Doyle learned that comments of some kind regarding his qualifications had been made at the meeting but did not know that Kiernan had made them. On September 1, 1971, Doyle called W. R. Meyer, Jr. to his office and asked whether Kiernan had questioned Doyle's qualifications. An affirmative reply was received. Doyle thereafter on the same day called Donald Swing, Kiernan's immediate superior, and asked him to come with Kiernan and Deputy State Engineer Roy Gardner to his office. As stated by the Supreme Court of Nebraska:
"... At the meeting, Doyle asked Kiernan if he had made the remarks in question and asked him if he would care to repeat or elaborate on such remarks. In answer to this question, Kiernan said, 'I'll be honest, it is my contention that you're not qualified to fill the position of Director-State Engineer, and it is my further contention that it was inappropriate for Governor Exon to have appointed you to that position.' Kiernan made it clear that the opinion was based upon the fact that Doyle was not a civil engineer, and did not have the necessary education or experience to fill the job. No voices were raised during the discussion and there was nothing threatening or otherwise objectionable about Kiernan's demeanor."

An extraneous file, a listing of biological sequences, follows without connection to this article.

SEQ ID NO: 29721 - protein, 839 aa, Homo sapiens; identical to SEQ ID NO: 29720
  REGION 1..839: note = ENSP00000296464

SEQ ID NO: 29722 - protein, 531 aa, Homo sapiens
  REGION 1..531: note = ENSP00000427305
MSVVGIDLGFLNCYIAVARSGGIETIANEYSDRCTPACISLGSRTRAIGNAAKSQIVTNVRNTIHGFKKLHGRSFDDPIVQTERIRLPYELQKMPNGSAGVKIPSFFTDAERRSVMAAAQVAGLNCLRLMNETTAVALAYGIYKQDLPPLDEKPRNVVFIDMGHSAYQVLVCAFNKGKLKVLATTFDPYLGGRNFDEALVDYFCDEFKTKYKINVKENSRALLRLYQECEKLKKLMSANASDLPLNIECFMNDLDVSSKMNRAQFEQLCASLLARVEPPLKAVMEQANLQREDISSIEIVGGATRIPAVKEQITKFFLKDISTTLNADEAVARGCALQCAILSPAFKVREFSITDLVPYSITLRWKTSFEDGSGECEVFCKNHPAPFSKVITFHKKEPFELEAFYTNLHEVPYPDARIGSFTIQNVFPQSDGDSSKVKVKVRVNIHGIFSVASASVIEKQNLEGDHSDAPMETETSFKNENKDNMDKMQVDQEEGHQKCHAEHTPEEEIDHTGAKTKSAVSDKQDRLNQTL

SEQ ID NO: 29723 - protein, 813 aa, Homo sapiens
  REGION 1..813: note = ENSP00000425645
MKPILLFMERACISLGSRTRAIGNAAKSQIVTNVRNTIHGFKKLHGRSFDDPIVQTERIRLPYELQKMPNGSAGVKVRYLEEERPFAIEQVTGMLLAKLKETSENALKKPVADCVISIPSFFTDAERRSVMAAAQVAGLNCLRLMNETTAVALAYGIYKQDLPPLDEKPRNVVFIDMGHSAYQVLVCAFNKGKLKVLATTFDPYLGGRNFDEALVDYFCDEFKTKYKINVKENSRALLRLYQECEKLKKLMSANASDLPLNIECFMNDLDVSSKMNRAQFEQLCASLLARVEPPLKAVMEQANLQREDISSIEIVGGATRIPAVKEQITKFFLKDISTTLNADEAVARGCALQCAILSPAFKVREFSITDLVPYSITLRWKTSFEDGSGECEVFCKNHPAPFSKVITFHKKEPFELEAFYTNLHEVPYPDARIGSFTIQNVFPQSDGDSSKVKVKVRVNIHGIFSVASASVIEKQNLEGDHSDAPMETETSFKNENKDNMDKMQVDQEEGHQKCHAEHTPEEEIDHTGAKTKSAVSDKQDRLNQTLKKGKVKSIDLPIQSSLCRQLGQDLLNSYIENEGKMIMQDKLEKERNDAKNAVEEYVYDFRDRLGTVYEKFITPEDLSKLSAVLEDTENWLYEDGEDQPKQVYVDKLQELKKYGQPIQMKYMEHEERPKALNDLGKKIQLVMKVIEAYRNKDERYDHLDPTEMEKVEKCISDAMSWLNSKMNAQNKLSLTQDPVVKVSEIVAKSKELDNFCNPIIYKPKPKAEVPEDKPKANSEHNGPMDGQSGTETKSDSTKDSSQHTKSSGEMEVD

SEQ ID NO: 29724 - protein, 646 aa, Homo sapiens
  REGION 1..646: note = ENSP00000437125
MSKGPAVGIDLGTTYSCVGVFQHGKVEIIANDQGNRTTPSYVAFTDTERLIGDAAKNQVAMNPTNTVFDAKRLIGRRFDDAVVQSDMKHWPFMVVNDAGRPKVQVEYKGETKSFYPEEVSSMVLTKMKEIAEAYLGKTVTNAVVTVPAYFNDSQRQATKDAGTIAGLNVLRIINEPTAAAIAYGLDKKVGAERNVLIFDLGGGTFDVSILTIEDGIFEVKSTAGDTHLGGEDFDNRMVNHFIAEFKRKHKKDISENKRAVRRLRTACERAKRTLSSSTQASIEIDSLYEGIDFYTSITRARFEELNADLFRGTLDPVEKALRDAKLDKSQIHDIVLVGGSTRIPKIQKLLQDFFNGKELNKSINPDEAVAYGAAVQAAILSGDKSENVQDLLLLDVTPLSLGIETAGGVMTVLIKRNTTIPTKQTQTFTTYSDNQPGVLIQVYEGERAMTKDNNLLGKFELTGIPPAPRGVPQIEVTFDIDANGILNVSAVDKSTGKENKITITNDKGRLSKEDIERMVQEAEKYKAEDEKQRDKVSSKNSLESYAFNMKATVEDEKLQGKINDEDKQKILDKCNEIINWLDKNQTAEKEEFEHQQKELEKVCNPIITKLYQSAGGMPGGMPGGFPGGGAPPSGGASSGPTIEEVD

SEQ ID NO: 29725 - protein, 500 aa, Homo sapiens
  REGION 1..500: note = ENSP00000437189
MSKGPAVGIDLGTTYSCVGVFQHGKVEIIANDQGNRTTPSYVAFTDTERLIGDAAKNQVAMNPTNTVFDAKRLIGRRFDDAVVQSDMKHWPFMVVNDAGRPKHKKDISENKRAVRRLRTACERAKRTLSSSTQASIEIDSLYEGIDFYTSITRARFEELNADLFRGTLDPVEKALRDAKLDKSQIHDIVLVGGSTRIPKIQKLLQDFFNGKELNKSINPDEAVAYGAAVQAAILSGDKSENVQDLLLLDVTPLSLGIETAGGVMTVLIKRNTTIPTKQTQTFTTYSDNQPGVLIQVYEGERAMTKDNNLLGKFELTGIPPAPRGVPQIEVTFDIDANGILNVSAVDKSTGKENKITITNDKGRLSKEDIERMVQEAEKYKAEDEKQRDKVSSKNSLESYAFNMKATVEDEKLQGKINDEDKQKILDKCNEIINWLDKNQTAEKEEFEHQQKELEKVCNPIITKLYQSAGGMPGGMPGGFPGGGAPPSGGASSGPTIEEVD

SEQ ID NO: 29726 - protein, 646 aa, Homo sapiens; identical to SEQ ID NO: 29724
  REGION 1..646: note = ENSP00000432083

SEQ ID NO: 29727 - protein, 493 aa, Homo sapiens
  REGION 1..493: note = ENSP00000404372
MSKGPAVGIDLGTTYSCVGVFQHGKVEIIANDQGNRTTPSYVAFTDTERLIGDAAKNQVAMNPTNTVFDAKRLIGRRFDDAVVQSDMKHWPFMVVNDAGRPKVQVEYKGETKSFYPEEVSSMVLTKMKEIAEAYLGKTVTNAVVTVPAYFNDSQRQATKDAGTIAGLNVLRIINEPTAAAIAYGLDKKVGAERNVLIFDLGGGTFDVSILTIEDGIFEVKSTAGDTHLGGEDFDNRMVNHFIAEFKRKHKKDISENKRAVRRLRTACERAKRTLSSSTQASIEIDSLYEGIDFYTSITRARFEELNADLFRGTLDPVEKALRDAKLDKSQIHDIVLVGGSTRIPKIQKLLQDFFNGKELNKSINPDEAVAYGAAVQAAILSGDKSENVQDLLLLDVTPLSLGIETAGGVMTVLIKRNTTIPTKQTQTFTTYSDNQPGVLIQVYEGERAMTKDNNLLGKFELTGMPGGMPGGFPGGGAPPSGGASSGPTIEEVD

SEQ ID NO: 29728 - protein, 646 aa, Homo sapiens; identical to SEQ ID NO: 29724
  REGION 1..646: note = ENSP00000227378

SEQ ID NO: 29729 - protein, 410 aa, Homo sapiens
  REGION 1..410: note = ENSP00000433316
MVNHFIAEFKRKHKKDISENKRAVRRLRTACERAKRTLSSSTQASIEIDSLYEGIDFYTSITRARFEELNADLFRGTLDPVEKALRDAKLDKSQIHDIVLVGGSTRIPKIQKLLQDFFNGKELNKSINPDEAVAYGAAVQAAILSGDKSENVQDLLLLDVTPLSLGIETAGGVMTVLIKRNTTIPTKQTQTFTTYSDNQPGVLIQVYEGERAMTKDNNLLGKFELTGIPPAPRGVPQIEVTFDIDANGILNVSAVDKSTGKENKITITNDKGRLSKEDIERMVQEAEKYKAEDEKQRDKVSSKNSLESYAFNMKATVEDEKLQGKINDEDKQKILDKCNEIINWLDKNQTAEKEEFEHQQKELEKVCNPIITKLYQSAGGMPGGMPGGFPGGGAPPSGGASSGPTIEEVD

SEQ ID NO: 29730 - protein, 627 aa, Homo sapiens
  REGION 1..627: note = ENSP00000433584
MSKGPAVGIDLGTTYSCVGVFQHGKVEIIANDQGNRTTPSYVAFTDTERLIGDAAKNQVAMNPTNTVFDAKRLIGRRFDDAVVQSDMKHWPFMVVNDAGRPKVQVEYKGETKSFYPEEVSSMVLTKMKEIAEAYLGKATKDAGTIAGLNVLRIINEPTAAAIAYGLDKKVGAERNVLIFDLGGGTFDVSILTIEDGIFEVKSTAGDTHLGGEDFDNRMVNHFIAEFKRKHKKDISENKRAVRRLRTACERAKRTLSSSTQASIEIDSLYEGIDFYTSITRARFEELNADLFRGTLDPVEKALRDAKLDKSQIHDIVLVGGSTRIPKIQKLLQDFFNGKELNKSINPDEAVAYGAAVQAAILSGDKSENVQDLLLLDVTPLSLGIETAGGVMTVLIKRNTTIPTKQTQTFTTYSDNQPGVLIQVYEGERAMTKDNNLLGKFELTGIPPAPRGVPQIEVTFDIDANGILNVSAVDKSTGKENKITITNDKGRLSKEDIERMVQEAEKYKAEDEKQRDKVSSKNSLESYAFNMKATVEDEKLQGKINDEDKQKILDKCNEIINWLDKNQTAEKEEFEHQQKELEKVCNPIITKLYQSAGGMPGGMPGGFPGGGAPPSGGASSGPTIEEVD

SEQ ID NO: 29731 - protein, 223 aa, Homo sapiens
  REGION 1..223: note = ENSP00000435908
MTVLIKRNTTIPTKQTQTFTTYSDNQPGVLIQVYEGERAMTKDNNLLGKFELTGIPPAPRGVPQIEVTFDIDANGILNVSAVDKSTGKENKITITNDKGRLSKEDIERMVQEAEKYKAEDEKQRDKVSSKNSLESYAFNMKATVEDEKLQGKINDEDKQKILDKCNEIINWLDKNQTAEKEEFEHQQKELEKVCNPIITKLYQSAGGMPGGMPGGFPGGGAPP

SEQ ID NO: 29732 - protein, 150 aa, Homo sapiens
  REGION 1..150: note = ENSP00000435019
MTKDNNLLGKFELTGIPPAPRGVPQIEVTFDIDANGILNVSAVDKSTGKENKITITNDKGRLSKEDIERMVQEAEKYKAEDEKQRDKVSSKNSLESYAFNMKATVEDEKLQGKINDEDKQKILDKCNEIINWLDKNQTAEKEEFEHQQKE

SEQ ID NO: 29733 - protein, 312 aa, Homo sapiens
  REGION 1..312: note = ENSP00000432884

Doyle immediately informed Kiernan orally that Kiernan was suspended from his job without pay and confirmed the suspension by letter. By letter dated September 7, Doyle wrote Kiernan that, effective immediately, he was dismissed from employment. Reasons cited were "direct insubordination," "conduct unbecoming a State employee," and "for the good of the classified service," but testimony
makes it clear that the basis of the discharge was the substance of the words said by Kiernan in Doyle's office, as recounted above.